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Businesses that provide vehicle registration plates may be guilty of unintentionally assisting in crime, says graphic designer Videsh “Roddy” Singh. With a call for everyone to do his or her part in stopping criminals, Singh of Extreme Effect Graphics & Signage in Sangre Grande, says anyone requiring a number plate from him must provide a certified copy of their vehicle ownership, a driver’s permit and an identification card.

Singh said that before committing crimes, criminals sometimes purchase plates with fake registration numbers.

He told Guardian Media that criminals know it would be difficult for the police to track bogus plates.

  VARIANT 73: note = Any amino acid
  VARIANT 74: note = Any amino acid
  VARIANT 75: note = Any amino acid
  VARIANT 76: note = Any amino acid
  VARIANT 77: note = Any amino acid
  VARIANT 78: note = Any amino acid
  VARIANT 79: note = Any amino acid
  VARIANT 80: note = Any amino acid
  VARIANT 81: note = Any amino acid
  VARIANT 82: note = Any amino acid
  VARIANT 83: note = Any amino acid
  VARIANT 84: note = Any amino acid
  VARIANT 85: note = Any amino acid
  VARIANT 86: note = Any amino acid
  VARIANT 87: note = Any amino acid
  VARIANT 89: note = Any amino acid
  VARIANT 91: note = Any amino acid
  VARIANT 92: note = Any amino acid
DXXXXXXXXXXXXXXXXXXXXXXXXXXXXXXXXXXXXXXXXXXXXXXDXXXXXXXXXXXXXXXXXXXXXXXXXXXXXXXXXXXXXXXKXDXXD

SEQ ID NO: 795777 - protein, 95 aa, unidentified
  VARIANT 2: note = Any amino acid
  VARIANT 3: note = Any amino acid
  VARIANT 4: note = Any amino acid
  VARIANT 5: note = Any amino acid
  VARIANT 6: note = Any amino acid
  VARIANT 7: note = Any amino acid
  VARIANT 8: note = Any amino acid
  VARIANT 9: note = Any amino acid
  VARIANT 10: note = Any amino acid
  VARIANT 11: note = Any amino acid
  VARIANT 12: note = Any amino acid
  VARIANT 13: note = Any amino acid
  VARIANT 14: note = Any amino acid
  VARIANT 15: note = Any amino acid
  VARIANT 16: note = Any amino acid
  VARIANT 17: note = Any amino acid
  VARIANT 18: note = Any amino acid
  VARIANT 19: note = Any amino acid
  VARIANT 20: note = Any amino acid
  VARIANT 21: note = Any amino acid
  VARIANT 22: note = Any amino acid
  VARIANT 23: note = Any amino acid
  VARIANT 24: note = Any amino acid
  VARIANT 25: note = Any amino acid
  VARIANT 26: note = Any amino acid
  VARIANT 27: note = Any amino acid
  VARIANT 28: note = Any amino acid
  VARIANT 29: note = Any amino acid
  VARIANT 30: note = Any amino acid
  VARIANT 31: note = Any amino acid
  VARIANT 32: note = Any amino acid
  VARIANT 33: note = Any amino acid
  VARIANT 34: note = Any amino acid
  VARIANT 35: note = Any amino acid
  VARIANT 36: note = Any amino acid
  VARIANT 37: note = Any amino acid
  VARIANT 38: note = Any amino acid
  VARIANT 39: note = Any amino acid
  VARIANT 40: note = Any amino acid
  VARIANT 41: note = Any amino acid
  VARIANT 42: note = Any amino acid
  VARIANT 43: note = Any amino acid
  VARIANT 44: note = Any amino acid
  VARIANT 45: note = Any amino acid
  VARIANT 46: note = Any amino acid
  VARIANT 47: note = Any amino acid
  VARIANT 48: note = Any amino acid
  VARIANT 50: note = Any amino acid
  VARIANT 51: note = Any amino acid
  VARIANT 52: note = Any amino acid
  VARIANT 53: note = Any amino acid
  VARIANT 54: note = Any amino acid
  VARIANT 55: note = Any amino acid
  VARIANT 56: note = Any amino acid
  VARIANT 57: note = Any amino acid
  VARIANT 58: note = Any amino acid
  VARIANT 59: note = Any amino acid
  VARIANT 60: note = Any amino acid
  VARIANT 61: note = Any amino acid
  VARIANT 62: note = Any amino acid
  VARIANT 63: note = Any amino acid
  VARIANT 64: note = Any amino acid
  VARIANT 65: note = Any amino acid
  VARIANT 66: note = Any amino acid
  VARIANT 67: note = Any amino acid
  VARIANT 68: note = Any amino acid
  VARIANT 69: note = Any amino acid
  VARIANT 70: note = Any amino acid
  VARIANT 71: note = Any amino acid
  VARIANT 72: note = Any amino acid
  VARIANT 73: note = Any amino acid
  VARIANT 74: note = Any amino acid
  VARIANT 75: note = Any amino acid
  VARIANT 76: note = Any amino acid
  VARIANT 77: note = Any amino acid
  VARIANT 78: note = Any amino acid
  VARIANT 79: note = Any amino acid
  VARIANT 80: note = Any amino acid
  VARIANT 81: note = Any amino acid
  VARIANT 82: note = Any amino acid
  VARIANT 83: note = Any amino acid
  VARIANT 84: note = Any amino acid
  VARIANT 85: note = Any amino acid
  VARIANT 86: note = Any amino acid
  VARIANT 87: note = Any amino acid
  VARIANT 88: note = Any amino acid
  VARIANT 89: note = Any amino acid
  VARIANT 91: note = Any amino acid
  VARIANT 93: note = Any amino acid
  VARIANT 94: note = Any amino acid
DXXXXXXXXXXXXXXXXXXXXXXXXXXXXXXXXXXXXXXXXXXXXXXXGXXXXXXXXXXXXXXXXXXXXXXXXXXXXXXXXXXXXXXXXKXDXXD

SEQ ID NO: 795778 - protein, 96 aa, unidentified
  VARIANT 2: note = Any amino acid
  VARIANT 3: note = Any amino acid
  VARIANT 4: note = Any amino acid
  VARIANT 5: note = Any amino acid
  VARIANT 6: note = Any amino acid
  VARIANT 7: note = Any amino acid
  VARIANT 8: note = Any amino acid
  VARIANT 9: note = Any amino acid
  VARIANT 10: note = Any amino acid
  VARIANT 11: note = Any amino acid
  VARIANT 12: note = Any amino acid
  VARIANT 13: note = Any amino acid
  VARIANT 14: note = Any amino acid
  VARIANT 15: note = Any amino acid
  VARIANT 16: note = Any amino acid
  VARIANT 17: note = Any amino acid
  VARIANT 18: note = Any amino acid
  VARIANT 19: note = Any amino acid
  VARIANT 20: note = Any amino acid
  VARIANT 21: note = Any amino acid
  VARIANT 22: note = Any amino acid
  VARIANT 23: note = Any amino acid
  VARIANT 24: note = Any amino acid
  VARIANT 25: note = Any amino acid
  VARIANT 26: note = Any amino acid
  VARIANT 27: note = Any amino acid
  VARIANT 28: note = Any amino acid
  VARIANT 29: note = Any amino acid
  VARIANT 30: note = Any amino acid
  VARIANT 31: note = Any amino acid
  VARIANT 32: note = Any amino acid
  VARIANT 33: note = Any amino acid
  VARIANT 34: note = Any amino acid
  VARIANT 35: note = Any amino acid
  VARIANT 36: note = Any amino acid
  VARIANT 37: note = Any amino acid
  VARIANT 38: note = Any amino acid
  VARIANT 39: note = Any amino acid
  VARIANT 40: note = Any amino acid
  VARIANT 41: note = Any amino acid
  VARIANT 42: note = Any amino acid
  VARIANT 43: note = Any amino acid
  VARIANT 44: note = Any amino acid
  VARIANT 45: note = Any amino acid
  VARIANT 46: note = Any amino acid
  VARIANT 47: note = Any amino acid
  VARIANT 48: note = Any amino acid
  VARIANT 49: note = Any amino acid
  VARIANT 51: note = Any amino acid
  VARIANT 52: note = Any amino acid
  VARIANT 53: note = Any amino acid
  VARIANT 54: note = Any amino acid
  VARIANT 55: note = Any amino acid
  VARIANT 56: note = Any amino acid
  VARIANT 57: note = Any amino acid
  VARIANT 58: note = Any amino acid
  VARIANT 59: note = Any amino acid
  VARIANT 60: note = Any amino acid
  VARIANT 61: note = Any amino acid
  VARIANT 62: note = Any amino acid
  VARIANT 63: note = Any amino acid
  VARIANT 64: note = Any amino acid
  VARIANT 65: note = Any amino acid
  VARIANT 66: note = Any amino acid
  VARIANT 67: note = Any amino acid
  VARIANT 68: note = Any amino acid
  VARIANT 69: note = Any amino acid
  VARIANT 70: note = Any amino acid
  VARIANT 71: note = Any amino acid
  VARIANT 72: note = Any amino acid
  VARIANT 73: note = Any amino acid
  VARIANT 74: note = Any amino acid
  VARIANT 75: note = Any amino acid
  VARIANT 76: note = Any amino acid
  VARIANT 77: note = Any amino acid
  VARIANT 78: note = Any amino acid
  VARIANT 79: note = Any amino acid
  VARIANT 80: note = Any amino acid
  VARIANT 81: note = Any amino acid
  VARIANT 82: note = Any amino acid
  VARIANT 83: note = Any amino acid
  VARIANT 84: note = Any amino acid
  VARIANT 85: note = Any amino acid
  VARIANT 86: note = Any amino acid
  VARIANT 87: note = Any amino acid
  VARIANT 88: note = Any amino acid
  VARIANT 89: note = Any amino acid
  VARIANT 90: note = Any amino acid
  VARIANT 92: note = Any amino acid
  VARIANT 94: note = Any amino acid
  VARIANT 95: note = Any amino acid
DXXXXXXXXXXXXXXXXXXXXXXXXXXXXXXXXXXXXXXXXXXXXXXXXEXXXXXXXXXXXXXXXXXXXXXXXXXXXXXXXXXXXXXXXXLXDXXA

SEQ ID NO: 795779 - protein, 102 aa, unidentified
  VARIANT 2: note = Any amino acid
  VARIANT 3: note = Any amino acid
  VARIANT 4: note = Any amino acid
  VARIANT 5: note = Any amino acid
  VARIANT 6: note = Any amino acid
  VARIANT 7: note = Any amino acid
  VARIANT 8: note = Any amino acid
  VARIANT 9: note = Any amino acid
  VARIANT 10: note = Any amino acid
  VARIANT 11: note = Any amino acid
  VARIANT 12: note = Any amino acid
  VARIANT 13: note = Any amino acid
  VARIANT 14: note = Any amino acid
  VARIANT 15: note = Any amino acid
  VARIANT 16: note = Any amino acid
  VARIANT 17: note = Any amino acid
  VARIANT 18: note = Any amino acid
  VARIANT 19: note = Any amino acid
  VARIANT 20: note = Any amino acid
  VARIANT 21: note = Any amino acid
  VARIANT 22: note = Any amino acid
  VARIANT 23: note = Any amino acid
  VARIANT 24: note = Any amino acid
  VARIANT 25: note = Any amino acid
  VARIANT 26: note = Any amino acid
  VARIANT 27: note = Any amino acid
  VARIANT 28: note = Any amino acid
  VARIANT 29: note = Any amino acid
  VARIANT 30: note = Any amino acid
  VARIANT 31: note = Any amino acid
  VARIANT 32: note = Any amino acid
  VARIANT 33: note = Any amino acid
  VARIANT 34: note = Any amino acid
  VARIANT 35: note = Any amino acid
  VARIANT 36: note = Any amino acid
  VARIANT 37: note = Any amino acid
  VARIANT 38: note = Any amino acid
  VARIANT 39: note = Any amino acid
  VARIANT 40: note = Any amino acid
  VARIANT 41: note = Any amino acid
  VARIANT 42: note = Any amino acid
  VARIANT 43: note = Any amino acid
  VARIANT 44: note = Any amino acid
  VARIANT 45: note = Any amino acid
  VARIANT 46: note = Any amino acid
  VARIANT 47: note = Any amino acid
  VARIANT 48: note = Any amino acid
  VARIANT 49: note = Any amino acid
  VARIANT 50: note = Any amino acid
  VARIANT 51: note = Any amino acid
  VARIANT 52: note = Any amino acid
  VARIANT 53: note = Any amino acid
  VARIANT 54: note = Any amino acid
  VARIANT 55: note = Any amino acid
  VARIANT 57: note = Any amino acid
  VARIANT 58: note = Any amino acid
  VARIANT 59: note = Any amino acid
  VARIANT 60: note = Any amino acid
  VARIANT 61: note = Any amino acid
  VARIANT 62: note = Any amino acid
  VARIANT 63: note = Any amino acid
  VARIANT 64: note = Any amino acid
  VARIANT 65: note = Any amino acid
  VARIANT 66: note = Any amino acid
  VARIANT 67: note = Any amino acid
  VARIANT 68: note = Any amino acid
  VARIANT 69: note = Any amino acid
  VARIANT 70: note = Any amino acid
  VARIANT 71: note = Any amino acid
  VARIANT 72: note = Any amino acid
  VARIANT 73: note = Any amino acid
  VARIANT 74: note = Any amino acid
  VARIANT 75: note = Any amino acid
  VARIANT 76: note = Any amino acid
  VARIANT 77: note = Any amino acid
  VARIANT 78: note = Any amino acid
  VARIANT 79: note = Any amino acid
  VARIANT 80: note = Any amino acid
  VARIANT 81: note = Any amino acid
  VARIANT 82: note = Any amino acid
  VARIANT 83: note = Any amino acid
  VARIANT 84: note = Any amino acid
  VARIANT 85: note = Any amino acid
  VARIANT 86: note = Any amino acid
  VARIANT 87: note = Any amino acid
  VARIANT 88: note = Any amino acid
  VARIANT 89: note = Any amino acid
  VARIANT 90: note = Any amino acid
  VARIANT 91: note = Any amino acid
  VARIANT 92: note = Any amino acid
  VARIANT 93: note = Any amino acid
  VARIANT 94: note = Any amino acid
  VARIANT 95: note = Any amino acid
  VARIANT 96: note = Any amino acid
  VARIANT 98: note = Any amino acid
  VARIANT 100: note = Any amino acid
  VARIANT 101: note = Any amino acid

He believes this new policy will assist the police. He said he reached out to several signage businesses in Sangre Grande and Arima, and they are willing to adopt this measure. He hopes others across T&T will do the same. “We are part of society, and this is our field; it is making license plates and doing graphics. When I saw the story that Andrea’s kidnappers had a fake license plate, I said that we are responsible in a way. The design of this system is that anyone can come into a graphic shop and get a license plate without any identification,” Singh said. There is no law regulating the sale of registration plates, and Singh says anyone with a signage business can sell plates. He pointed out that even when motorists apply for an insurance certificate, they must show identification and ownership documents. He posted the new policy on his company’s Facebook page, which got over 100,000 views in 24 hours, with mostly positive feedback. Singh said Andrea’s death was just one of many but was the breaking point for citizens. “Everyone was traumatised because everyone was hoping for the best. It was the breaking point. Everyone has to make a change, and as the Commissioner (of Police) always say, people, have to take a stand. It is our stand.”|